As Thanksgiving is right around the corner let’s take some time to talk about something every farmers is thankful for: Heifer Calves! (I can count on one hand the number of times I have heard about a farmer being upset when a heifer calf is born!) Heifers are so very important because they are the building blocks of your future herd. So, if they are the future of your dairy farm, shouldn’t we want to give them the best care possible? Here are some main points to help your calves reach their optimal potential!
At birth, do your normal routine: Make sure they dry off, dip navel in iodine, give vaccines, etc. The next important thing is to give them colostrum, right? Yes, but QUALITY colostrum is often forgotten about. When I was young I was always taught, “The older the cow, the better the colostrum”. Makes sense, right? The older she gets the more passive immunity she can build up. Though this is a practical guideline, you cannot know for sure unless you use a colostrometer. For a small investment (can be found on Amazon.com) you can test and KNOW the quality of your colostrum before it’s given to the calf. Poor testing colostrum should be discarded, and frozen colostrum should be thawed at a slow rate, and then fed to the calf. With a colostrometer you can guarantee that your colostrum bank is of the highest quality.
Clean and dry, clean and dry, CLEAN AND DRY! One cannot put enough emphasis on how integral it is to keep calves in a clean and dry housing environment. Bacteria can live on a porous surface and be dormant for extensive amounts of time. This is why it is important to clean and disinfect pens between each individual calf. Plastic stall dividers, though not the cheapest, make this process easier to do. Plywood dividers can work too, but should be painted every year to deter bacteria from being absorbed into the wood. Calf pens should always be full of ample dry bedding. Straw usually works best, but the main focus should be that they have a clean dry place to nestle and lay down. Checking the pens and giving additional bedding at each feeding will ensure a valuable rearing environment.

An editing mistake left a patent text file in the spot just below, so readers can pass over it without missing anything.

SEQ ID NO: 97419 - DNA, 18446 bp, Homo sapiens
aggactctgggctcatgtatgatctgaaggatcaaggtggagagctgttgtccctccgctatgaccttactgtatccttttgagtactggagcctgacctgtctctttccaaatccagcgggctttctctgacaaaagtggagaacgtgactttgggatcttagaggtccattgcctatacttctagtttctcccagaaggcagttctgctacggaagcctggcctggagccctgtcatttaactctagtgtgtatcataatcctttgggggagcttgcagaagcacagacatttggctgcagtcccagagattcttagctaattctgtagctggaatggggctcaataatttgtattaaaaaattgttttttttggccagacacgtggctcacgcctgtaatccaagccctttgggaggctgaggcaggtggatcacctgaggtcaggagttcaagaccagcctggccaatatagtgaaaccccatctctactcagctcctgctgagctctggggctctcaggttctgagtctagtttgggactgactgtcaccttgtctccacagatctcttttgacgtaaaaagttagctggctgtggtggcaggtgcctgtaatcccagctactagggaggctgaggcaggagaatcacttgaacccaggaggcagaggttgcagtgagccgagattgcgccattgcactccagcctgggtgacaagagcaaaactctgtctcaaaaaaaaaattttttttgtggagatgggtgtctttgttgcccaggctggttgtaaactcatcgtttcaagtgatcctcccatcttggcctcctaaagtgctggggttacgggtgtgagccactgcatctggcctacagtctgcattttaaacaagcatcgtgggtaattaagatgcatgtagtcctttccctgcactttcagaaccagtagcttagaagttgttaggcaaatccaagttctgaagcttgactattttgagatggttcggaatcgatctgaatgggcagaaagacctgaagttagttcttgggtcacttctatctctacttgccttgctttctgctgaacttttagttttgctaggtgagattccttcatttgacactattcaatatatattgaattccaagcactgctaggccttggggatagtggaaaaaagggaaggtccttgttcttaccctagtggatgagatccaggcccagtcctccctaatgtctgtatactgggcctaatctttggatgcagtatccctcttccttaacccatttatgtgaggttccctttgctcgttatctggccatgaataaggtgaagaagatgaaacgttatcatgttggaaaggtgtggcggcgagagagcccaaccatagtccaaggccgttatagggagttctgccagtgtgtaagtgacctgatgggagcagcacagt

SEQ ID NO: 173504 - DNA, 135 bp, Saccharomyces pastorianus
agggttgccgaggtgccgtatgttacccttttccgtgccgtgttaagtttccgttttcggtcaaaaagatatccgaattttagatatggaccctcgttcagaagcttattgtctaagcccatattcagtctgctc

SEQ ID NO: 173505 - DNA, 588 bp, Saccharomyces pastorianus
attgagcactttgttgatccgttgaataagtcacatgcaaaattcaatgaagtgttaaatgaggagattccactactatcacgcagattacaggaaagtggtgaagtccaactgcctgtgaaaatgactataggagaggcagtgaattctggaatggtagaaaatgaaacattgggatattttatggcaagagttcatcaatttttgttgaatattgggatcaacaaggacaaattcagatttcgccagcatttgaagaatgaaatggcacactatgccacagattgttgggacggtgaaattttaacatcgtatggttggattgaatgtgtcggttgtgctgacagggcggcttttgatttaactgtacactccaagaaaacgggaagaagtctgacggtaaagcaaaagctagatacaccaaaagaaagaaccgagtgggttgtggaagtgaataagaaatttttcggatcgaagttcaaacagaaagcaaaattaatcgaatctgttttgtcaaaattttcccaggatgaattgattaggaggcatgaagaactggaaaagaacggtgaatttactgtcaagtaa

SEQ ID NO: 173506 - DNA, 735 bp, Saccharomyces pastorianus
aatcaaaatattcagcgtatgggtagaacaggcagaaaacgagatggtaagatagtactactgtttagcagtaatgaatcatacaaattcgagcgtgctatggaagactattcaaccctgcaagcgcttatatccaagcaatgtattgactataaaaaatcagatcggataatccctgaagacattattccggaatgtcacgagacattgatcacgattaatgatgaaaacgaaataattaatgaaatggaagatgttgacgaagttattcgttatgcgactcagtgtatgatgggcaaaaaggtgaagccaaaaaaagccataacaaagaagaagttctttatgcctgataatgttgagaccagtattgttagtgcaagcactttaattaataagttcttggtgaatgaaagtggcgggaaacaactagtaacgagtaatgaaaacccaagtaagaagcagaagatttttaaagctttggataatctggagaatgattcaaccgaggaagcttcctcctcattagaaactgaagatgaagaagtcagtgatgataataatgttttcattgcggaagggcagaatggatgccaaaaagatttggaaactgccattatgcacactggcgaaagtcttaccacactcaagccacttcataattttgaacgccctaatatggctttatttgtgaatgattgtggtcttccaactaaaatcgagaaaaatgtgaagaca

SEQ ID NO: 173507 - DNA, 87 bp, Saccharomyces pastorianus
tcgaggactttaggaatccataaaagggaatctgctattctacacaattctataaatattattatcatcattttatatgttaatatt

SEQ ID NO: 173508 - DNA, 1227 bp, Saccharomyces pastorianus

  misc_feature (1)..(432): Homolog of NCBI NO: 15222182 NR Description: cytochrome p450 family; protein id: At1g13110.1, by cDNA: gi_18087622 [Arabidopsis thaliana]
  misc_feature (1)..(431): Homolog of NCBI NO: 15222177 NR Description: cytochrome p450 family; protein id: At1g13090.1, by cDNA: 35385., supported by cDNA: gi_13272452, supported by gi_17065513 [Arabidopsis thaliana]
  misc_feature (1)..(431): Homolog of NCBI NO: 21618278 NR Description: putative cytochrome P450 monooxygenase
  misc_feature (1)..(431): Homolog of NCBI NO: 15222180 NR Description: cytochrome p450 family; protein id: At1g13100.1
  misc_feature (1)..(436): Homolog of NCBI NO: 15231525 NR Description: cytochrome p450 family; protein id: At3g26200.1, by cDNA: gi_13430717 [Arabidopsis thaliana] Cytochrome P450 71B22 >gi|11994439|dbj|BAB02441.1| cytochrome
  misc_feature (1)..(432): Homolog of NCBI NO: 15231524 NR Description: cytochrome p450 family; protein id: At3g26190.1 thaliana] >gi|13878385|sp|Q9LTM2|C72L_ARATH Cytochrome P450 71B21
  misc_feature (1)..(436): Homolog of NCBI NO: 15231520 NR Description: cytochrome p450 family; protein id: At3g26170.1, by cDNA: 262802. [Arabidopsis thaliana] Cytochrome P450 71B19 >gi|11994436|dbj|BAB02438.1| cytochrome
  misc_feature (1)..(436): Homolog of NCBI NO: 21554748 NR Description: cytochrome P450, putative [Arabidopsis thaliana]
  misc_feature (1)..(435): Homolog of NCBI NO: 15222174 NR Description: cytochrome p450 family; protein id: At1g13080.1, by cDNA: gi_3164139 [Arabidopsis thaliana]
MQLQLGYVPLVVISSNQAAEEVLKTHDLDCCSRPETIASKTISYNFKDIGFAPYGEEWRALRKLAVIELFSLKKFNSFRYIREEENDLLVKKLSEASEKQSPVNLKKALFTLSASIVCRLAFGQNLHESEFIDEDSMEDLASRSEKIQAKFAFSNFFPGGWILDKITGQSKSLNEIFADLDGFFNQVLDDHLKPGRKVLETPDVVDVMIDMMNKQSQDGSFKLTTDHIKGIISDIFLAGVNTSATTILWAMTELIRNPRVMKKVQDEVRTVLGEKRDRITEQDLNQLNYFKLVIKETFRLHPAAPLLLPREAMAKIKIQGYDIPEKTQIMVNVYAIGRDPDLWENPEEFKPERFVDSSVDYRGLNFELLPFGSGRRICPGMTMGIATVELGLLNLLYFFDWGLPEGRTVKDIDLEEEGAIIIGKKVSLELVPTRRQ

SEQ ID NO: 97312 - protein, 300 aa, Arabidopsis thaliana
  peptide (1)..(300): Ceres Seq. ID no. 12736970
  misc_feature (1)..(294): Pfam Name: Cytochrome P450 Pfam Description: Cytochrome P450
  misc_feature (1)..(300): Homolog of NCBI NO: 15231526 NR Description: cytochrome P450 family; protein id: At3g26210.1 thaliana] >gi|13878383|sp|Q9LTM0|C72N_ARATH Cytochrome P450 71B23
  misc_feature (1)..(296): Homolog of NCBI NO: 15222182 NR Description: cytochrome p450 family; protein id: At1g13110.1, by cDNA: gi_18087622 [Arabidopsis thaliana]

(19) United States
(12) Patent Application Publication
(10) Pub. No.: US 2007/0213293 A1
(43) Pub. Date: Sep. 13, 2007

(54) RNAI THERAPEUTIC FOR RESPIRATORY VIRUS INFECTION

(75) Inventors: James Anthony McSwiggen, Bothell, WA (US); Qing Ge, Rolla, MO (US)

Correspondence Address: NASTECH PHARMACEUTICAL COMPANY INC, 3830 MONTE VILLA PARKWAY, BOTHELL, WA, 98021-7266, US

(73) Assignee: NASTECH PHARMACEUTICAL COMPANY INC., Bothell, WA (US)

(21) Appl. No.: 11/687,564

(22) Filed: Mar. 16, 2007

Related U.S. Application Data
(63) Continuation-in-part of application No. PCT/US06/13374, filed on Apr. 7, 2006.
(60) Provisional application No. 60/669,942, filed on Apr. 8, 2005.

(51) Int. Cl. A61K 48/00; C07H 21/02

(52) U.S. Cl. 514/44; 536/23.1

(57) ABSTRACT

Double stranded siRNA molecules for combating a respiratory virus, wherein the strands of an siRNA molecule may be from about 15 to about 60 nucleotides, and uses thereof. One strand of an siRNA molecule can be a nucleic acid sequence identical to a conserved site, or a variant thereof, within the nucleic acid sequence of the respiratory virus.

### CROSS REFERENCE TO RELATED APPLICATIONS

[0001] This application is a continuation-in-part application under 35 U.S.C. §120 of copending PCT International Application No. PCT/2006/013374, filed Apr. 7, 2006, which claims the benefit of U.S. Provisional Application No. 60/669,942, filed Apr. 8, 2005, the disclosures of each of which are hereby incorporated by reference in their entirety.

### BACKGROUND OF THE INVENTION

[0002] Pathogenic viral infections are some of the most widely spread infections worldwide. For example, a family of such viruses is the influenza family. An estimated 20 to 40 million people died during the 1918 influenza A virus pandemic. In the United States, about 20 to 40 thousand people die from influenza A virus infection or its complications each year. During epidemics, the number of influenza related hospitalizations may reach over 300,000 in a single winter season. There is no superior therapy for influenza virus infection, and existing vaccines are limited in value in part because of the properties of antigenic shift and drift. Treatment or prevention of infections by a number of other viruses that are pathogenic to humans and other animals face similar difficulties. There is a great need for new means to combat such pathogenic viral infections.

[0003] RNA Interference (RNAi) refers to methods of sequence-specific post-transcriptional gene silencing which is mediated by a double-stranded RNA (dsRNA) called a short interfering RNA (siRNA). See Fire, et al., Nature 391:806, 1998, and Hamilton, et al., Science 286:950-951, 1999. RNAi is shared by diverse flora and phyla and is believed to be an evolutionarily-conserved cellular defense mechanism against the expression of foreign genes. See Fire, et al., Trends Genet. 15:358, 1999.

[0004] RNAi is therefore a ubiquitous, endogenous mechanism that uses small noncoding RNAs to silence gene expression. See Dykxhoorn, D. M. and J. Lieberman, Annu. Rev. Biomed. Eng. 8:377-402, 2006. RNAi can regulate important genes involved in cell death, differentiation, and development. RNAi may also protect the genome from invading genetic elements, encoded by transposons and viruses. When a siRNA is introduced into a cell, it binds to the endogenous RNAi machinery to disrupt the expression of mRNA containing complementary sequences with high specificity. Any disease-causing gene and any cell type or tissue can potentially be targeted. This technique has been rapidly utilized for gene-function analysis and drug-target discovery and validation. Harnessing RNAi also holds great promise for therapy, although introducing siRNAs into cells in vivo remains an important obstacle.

Though everyone’s feeding routine and protocol is unique and catered to each farm’s need, the main thing is to keep it consistent. A sporadic and untimely feeding schedule is very hard on a calf’s digestive system and can only lead to problems. Sticking as close to schedule feeding times as possible is beneficial. Keeping fresh calf starter and water available at all times encourages aggressive appetite, which leads to better growth rates.
Young calves are extremely sensitive to any stress so it is imperative to put them through as little stress as possible. Stressful protocols such as dehorning, vaccinating, and weaning, should never be done on the same day; space them out over time. This gives calves a decent amount of time to bounce back and recuperate.
In summer months it is obviously important to keep calves as cool as possible. Good air flow and ventilation is also a great way to discourage flies. Having fans running in barns, or keeping calves’ hutches in a shady area makes a big difference. So naturally as it gets colder we need to keep calves warm. A rule of thumb for the Midwest is that if you are continually in a sweatshirt all day, it’s time to start putting jackets on newborn calves. It may seem silly, but remember, any calories they don’t have to waste by trying to stay warm, is calories they can use for positive growth weights.
Just remember that it only takes the tiniest stone to cause a ripple. These may seem like minuscule approaches that just add more work to an already full work day, but they are 100% worth it in the end. Healthy and happy calves, make profitable cows.